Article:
3. By submitting any contribution to IP Watch, you warrant that your contribution is your own original work and that you have the right to make it available to IP Watch for all purposes and you agree to indemnify IP Watch, its directors, employees and agents against all damages, legal fees and others expenses that may be incurred by IP Watch as a result of your breach of warranty or of these terms.

    4. You further agree not to publish any personal information about yourself or anyone else (for example telephone number or home address). If you add a comment to a blog, be aware that your email address will be apparent.

    5. IP Watch will not be liable for any loss including but not limited to the following (whether such losses are foreseen, known or otherwise): loss of data, loss of revenue or anticipated profit, loss of business, loss of opportunity, loss of goodwill or injury to reputation, losses suffered by third parties, any indirect, consequential or exemplary damages.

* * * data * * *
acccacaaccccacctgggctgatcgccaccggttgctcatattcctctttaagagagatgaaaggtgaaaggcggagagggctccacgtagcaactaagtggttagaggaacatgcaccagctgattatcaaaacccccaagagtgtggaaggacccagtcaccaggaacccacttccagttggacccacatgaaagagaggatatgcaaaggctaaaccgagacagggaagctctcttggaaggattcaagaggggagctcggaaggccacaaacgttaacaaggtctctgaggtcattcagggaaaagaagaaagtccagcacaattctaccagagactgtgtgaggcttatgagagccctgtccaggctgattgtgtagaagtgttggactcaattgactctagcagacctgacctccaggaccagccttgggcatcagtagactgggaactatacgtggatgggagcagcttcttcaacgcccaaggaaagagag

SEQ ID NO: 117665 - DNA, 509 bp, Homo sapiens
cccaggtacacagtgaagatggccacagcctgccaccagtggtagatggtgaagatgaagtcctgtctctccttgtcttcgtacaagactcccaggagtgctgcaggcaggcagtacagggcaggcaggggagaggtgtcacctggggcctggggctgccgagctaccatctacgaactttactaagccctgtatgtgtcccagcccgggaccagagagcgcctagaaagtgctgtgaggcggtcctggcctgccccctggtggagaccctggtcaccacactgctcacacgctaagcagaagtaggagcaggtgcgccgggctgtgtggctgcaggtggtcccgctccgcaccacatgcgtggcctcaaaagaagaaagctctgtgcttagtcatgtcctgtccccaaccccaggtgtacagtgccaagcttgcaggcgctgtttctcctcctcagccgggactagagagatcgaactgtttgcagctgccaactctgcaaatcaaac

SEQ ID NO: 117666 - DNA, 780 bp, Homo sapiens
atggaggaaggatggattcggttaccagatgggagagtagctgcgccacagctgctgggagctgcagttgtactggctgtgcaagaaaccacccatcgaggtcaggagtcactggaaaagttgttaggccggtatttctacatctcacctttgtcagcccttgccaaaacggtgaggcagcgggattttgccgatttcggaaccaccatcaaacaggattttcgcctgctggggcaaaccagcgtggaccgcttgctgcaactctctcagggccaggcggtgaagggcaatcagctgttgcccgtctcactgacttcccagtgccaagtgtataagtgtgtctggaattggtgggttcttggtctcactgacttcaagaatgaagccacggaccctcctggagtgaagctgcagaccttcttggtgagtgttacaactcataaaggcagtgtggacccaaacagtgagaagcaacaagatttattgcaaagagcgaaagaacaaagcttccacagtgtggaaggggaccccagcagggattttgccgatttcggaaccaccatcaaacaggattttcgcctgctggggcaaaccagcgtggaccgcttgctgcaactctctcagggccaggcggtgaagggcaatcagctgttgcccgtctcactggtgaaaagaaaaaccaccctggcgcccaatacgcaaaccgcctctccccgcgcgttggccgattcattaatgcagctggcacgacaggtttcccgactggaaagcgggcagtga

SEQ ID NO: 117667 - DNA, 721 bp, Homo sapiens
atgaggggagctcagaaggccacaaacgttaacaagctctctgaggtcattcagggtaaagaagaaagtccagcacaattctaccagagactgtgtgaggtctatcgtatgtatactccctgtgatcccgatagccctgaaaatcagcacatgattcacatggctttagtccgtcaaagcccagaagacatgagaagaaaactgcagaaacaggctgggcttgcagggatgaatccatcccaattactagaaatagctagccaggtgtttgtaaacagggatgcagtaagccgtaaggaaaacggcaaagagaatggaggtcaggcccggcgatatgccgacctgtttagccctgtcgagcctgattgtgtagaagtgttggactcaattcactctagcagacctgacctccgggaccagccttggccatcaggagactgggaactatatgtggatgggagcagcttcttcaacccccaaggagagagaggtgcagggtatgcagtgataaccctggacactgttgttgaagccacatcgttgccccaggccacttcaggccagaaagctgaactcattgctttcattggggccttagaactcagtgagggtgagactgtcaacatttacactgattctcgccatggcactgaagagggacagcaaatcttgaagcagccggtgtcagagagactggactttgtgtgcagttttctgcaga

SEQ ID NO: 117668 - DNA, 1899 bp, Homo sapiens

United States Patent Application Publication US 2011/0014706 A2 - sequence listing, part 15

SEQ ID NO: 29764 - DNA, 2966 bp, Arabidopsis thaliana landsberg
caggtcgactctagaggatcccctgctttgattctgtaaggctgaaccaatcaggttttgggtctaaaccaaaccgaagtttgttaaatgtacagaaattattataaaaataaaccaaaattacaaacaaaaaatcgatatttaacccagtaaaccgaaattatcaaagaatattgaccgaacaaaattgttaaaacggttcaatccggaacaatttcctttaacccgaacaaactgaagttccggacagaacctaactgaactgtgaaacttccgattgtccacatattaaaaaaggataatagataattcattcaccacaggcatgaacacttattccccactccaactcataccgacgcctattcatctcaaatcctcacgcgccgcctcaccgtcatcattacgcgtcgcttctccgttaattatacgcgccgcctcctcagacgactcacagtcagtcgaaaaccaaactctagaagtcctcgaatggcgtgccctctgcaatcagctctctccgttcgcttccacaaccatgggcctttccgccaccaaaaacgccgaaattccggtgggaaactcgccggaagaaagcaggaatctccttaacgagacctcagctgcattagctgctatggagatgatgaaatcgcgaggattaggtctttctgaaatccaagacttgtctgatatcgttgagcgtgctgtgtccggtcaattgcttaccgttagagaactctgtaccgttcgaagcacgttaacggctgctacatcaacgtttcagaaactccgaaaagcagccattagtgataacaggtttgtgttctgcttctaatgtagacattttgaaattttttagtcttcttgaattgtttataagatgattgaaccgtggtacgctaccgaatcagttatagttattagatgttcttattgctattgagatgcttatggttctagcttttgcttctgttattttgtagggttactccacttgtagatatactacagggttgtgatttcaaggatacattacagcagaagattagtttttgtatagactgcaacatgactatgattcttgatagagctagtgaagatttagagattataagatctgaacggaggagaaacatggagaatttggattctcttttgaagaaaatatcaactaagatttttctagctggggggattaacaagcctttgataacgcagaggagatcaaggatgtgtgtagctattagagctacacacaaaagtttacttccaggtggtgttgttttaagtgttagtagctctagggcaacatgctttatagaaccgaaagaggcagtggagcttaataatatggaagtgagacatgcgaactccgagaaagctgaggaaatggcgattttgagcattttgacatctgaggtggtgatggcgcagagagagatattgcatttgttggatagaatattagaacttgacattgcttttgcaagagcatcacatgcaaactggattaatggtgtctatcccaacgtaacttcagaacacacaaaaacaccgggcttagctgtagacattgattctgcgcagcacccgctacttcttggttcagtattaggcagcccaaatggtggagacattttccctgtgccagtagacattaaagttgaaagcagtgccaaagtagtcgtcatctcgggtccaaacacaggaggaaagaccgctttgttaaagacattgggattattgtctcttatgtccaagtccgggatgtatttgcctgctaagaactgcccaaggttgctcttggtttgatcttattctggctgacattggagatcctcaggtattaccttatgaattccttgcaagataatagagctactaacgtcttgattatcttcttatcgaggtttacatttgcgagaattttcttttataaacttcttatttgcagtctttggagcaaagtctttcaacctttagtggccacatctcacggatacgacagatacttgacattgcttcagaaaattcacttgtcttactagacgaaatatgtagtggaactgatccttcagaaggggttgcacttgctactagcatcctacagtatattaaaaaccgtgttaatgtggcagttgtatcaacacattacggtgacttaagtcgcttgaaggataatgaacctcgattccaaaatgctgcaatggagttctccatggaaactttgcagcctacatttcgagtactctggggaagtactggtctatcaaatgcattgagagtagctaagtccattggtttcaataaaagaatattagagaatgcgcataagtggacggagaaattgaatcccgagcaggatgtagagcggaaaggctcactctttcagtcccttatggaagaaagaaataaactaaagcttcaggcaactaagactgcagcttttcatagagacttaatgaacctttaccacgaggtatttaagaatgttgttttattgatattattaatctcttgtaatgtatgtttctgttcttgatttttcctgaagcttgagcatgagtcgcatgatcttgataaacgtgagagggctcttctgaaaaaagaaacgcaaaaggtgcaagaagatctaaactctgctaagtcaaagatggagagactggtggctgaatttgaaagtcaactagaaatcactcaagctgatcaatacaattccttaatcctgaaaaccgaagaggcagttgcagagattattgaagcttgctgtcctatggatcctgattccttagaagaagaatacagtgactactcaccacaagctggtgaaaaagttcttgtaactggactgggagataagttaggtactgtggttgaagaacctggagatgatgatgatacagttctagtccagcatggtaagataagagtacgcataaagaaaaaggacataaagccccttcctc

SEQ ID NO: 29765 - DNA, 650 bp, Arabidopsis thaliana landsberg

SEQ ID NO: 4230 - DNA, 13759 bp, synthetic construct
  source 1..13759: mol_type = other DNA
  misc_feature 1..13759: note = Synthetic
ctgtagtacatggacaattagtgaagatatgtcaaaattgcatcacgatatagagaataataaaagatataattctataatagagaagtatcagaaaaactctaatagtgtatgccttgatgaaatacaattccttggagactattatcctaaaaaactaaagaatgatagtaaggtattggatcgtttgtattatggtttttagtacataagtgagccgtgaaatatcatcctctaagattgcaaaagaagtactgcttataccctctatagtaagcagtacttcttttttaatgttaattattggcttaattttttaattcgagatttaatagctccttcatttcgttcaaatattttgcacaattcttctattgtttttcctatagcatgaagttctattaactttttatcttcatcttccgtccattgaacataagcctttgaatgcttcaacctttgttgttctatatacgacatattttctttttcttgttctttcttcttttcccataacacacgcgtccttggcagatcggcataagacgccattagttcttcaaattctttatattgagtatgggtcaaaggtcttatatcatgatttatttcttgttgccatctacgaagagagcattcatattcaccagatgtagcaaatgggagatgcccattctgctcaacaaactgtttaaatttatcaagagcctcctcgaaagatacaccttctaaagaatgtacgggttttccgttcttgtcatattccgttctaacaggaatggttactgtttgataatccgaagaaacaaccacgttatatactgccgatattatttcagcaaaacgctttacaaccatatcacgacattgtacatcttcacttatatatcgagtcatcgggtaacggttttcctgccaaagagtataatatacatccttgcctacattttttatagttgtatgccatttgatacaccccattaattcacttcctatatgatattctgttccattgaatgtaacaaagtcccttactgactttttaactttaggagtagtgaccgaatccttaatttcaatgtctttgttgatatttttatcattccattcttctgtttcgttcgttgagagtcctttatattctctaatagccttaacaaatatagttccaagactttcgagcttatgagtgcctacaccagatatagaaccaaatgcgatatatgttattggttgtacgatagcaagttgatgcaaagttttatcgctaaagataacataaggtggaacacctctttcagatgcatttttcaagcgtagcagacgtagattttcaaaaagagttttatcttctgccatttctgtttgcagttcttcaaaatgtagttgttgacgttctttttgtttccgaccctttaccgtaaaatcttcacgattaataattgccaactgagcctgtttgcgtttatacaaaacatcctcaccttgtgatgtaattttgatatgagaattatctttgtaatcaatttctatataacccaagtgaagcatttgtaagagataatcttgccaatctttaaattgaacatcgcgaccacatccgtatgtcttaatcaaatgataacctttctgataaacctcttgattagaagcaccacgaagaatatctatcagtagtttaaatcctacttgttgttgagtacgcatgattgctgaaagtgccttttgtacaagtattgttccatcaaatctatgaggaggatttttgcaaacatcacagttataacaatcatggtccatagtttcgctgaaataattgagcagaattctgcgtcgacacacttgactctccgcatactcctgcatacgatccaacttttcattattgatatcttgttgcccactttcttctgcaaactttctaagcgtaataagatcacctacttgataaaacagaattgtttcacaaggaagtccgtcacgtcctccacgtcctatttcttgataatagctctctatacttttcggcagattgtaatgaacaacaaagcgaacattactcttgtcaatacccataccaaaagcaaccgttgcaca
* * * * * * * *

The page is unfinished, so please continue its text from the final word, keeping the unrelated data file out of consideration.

6. You understand and agree that the discussion forums are to be used only for non-commercial purposes. You may not solicit funds, promote commercial entities or otherwise engage in commercial activity in our discussion forums.

    7. You acknowledge and agree that you use and/or rely on any information obtained through the discussion forums at your own risk.

    8. For any content that you post, you hereby grant to IP Watch the royalty-free, irrevocable, perpetual, exclusive and fully sub-licensable license to use, reproduce, modify, adapt, publish, translate, create derivative works from, distribute, perform and display such content in whole or in part, world-wide and to incorporate it in other works, in any form, media or technology now known or later developed.

    9. These terms and your posts and contributions shall be governed and interpreted in accordance with the laws of Switzerland (without giving effect to conflict of laws principles thereof) and any dispute exclusively settled by the Courts of the Canton of Geneva.